- Create a logo and choose your company colors. Try an online logo generator like Looka to make something simple and easy to read. Your logo and colors should reflect what makes your business unique.
- Get a dedicated business phone number and email address. There are free email options available, or you can use a custom name after the ‘@’ symbol if you’ve purchased a domain name for your website.
- Choose a uniform. This helps you (and your team) represent your company when you’re on the job. You could order t-shirts with your name and logo, or even pants, hats, or face masks that match your brand colors.
- Make branded business cards and vehicle decals that include your logo, company name, phone number, website, and email address.
Build an online presence
Most of your future clients are looking for businesses online. Setting up your online presence helps potential customers easily find your business on the internet and contact you for your services.
Here are a few simple ways to build an online presence:
- Create a Facebook business page and share before-and-after photos, client reviews, and discounts on services
- Create profiles on Instagram and LinkedIn
- Claim your Google My Business listing
- Make a simple website (using online website builders like Wix or Squarespace)
- Create listings on online directories like Yelp, Houzz, HomeAdvisor, or Angi
Start marketing your painting services
With a brand-new business, you need to work extra hard to find clients who’ll hire you. Here are some of the best low-cost marketing strategies for new painting businesses:
- Create tear-away flyers and pin them to community bulletin boards
- Start a referral program and reward clients for spreading the word about your business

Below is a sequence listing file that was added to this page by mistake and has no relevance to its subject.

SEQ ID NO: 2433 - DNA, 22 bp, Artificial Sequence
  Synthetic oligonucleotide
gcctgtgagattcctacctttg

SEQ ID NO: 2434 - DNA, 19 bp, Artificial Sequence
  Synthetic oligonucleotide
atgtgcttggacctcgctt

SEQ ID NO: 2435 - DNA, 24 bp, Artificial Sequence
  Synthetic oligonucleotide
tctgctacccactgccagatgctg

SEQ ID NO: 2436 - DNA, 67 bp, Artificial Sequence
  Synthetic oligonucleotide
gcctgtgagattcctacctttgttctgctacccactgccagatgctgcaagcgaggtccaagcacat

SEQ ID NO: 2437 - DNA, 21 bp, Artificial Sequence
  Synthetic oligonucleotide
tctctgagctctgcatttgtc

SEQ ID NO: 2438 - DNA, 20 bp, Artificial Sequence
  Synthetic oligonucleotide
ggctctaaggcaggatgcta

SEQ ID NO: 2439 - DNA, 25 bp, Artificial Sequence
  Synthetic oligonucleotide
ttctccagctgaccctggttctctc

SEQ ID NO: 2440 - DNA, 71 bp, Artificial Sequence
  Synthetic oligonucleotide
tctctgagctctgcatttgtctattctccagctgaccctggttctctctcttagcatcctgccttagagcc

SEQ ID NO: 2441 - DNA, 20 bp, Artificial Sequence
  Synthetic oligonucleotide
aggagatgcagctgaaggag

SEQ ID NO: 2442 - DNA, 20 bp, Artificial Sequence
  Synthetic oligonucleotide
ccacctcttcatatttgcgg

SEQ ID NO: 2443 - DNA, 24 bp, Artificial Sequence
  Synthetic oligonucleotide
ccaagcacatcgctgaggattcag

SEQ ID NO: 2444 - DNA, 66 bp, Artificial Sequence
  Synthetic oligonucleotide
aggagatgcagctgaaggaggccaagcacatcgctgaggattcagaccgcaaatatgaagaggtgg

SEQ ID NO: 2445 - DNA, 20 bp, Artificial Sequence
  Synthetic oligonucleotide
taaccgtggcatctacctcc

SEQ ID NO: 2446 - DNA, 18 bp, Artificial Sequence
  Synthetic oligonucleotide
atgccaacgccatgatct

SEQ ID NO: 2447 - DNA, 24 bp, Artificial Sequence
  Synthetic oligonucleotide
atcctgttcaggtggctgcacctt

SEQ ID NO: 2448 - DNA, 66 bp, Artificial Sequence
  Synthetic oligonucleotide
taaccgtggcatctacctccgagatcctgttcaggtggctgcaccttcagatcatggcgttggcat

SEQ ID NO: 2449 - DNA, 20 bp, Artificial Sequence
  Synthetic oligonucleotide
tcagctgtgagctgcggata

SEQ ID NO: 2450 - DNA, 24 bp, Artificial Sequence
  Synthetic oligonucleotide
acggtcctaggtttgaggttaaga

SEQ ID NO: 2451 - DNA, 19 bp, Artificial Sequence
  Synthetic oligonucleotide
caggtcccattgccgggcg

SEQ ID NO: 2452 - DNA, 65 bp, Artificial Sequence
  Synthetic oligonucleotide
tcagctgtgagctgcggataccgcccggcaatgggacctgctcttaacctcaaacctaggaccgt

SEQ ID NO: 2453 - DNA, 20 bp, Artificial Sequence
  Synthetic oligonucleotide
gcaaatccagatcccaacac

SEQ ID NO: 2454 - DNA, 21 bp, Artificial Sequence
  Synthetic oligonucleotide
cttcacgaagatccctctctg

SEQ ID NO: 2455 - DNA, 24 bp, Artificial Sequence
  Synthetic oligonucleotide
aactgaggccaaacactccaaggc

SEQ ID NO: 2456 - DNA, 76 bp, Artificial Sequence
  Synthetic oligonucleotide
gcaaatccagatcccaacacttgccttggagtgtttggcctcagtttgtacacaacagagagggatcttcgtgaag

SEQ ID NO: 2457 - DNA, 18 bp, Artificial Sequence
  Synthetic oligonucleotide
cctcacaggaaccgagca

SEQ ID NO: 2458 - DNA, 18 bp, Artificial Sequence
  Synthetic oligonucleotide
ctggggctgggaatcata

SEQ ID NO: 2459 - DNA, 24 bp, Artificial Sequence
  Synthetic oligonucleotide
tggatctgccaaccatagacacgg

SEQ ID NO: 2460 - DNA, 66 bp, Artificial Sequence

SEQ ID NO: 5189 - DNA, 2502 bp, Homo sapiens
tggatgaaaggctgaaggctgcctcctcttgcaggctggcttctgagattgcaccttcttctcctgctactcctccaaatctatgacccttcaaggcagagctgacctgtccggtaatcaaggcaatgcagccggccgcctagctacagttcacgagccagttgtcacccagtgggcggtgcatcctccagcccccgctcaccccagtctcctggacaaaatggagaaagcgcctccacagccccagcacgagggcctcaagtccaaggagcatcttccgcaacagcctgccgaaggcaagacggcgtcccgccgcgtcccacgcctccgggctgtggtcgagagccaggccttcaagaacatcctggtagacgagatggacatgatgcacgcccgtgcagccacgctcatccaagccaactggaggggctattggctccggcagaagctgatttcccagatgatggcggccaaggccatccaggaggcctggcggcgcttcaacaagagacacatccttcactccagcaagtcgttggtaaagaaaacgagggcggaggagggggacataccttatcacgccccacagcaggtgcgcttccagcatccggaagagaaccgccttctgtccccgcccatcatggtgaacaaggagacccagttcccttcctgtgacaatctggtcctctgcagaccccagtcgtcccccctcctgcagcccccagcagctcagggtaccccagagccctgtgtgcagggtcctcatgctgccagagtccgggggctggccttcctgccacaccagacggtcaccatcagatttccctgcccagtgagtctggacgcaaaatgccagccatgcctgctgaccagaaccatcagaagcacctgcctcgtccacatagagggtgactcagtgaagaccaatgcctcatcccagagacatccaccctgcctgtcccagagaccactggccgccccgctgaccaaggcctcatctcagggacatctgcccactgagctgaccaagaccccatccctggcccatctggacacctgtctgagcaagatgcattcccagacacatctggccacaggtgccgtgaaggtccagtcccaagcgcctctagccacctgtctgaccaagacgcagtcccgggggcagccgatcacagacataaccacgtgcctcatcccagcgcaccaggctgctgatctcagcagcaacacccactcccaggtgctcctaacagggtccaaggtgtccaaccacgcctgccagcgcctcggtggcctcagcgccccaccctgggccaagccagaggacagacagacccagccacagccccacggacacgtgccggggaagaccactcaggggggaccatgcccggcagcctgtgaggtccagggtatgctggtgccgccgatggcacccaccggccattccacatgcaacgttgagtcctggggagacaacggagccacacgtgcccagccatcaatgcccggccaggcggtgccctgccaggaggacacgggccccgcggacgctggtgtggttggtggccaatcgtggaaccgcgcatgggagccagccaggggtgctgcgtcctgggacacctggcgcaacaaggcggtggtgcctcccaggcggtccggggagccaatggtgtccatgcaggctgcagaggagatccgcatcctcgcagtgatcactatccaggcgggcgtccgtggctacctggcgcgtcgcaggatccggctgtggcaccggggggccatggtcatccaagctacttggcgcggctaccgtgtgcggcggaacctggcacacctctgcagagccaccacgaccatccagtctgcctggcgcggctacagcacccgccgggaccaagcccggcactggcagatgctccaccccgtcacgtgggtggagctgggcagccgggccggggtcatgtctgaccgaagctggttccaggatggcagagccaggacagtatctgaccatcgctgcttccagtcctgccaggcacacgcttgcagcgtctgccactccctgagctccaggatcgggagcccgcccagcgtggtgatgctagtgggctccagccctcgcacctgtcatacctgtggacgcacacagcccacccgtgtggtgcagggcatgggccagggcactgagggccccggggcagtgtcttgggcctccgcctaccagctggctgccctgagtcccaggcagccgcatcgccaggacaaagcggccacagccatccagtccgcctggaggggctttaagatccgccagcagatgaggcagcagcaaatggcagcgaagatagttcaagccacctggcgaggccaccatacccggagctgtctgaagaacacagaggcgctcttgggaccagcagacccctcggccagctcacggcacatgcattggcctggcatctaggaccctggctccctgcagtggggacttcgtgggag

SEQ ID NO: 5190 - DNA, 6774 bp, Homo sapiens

- Pass out business cards with your contact information at your local grocery store
- Join pay-per-lead online marketplaces like Porch or Thumbtack
- Run Google’s Local Services Ads to appear on Google when people search painters in your area
Join networking groups, like Business Network International (BNI) or home service entrepreneur groups on Facebook
8. Hire subcontractors or employees
Subcontractors are great for projects that require specific skill sets, while employees are great for on-going, long term projects.
Hiring painting subcontractors has helped Graham complete more work, take on bigger jobs, open more locations. You can rely on subcontractors to supply all their own materials, which is one less expense and responsibility to worry about.
Employees, on the other hand, will stay with you on a consistent, permanent basis—so you have a team you can train and grow with. You’ll have to budget for each painter’s salary as well as employee benefits, training, and additional paint tools.
Pro Tip: Make sure you’ve read your local subcontracting laws before you start hiring a subcontractor.
Build a profitable painting business with the right tools
Running a painting business and doing what you love is going to be extremely rewarding. You’re taking a big step—but if you make a careful business plan for your service offerings, estimating, advertising, and hiring, you’ll build a business that succeeds and grows.
Come back to this guide when you need help, and check out our painting business resources for more advice.
Originally published in September, 2019. Last updated on March 1st, 2022.